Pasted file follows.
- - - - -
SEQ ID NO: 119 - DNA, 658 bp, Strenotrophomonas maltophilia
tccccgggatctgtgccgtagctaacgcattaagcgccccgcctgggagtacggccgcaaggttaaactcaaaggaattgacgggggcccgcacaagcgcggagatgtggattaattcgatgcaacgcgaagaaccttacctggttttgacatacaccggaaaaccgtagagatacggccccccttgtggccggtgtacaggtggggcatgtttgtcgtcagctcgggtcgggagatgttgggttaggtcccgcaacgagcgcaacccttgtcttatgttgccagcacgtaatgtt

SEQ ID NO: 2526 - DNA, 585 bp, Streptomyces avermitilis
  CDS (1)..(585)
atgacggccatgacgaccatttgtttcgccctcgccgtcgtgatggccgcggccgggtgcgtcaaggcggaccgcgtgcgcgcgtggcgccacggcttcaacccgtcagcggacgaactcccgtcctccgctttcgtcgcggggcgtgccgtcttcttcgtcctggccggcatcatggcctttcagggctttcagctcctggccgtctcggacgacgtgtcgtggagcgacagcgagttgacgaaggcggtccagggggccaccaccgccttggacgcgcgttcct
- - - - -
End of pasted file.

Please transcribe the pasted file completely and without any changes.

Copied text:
SEQ ID NO: 119 - DNA, 658 bp, Strenotrophomonas maltophilia
tccccgggatctgtgccgtagctaacgcattaagcgccccgcctgggagtacggccgcaaggttaaactcaaaggaattgacgggggcccgcacaagcgcggagatgtggattaattcgatgcaacgcgaagaaccttacctggttttgacatacaccggaaaaccgtagagatacggccccccttgtggccggtgtacaggtggggcatgtttgtcgtcagctcgggtcgggagatgttgggttaggtcccgcaacgagcgcaacccttgtcttatgttgccagcacgtaatgtt

SEQ ID NO: 2526 - DNA, 585 bp, Streptomyces avermitilis
  CDS (1)..(585)
atgacggccatgacgaccatttgtttcgccctcgccgtcgtgatggccgcggccgggtgcgtcaaggcggaccgcgtgcgcgcgtggcgccacggcttcaacccgtcagcggacgaactcccgtcctccgctttcgtcgcggggcgtgccgtcttcttcgtcctggccggcatcatggcctttcagggctttcagctcctggccgtctcggacgacgtgtcgtggagcgacagcgagttgacgaaggcggtccagggggccaccaccgccttggacgcgcgttcct